We believe the use of growth factors has taken our practice to the next quantum leap. We have been using growth factors to enhance our results with our stem cell and PRP treatments for some time now. Growth factors are signaling molecules that are typically secreted at the site of repair by many different cell types including platelets, stem cells and fibroblasts. These growth factors bind to the cell membrane and start the cascade of DNA synthesis, mitosis and cell repair. Some of these growth factors effect the stem cell environment or as it is sometimes called the “stem cell niche”. It will make the environment much more favorable to the various stem cells.
The technical term for the various growth factors is cytokines. Cytokines—from the Greek cyto- (“cell”) and kinos (“movement”)—are tiny cell-signaling protein molecules secreted by various cells. Constituting a category of signaling molecules utilized widely in intercellular communication, cytokines may be classified as peptides, proteins, or glycoproteins. You might think of the cytokines as the bodies mobile phone system. They can be the difference between success and failure. Cytokine imbalance is responsible for most disease processes.
Cytokines activity is mostly local, but in some cases they impact the entire body. There are several groups of Cytokines or growth factors. These growth factors can act in three main ways. The first is that it can act in an endocrine fashion. This means that the growth factors may affect cells in a distant area. This is similar to our bodies own endocrine system. For instance, our pituitary gland located in our head affects cells in many different parts of the body. The next aspect concerns paracrine action which means that the factors may affect neighboring cells. The last aspect is an autocrine action meaning that the factors affect the surrounding cells. Interestingly enough stem cells work in a very similar fashion. One should think of the cytokines as architects of cell repair. The repair occurs mainly at the cellular level. The area surrounding the cells is called the extracellular matrix.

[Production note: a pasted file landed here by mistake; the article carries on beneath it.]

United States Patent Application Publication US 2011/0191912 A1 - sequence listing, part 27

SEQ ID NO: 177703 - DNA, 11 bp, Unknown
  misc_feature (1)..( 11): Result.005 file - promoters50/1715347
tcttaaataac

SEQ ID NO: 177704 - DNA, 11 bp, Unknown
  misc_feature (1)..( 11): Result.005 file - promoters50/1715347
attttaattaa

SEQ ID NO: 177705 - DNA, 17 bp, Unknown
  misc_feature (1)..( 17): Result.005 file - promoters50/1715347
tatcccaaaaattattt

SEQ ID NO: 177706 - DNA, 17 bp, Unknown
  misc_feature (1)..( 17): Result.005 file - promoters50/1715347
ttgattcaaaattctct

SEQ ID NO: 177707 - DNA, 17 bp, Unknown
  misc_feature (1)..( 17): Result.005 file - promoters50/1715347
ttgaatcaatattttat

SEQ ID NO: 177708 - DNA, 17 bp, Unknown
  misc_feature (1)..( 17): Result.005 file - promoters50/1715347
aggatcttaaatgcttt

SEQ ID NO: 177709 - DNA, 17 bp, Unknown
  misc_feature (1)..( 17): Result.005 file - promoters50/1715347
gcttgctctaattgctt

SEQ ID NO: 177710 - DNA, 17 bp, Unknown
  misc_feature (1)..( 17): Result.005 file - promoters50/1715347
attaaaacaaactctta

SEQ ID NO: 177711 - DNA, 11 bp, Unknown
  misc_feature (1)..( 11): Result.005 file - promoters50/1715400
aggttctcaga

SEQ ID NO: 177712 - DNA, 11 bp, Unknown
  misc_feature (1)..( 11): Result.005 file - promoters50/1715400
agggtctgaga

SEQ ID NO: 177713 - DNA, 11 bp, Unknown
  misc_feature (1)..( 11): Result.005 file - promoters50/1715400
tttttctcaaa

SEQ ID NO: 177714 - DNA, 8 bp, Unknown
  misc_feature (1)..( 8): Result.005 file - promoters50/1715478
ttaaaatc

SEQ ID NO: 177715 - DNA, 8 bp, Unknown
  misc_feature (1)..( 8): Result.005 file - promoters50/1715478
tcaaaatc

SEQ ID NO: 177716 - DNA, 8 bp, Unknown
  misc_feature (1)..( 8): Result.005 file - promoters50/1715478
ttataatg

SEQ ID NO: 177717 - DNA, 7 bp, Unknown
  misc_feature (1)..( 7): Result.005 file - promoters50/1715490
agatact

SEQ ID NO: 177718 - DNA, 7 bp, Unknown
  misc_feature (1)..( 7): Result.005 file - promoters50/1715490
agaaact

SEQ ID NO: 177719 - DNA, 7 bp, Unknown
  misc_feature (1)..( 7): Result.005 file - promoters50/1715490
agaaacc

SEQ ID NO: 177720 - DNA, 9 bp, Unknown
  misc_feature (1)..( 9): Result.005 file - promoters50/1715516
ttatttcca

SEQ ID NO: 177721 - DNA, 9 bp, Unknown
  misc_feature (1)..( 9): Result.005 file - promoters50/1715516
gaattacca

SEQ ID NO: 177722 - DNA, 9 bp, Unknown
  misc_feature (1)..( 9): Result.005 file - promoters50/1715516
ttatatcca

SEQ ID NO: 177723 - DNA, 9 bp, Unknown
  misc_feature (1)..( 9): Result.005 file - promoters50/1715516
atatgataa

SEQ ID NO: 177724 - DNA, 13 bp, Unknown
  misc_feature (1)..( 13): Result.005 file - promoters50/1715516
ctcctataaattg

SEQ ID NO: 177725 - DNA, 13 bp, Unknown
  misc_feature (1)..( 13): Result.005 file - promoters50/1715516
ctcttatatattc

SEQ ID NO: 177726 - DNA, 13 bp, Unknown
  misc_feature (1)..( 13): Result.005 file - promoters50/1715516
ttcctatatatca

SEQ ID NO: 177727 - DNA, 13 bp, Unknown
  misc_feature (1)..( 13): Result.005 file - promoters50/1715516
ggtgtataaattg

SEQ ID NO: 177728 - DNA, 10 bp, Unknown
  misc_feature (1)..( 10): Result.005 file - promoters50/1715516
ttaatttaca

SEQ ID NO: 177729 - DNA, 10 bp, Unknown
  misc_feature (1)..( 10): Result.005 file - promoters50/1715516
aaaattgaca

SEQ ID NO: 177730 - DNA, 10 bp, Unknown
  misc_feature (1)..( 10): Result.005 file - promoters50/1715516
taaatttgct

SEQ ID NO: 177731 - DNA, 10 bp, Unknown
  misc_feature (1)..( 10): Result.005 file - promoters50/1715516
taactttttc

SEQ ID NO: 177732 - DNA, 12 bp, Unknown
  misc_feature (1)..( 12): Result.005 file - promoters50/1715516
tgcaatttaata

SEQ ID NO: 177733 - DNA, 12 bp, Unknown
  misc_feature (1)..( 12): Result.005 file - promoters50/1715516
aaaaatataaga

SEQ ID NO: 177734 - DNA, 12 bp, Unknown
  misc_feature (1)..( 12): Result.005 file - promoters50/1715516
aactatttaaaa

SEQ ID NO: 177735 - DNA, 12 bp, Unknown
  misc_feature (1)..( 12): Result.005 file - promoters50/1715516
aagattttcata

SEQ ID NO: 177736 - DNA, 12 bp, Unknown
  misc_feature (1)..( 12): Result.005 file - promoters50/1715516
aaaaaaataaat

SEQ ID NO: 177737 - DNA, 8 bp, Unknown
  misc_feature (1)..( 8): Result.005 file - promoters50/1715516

We must realize that there are both good and bad cytokines. If you have a symptomatic osteoarthritis the chances are that your symptoms are caused by bad cytokines. Two bad cytokines that comes to mind are Interleukin 1 (IL-1) and Interleukin 6 (IL-6). These bad cytokines cause pain, swelling, and typically cell death. When you are causing cell death you are in what we call a catabolic state. This means you are breaking down tissue causing destruction of the cells and eventually failure of the system. Another important bad cytokine is called Tissue Necrosis Factor or TNF. TNF will cause cell death and block repair. In Regenerative Stem Cell Therapy we are trying to counteract these bad cytokines by manipulating good cytokines that come from both stem cell and PRP injections. We are to turn the tide and get the joint or tendon into an anabolic state. An anabolic state means we are now building up tissue.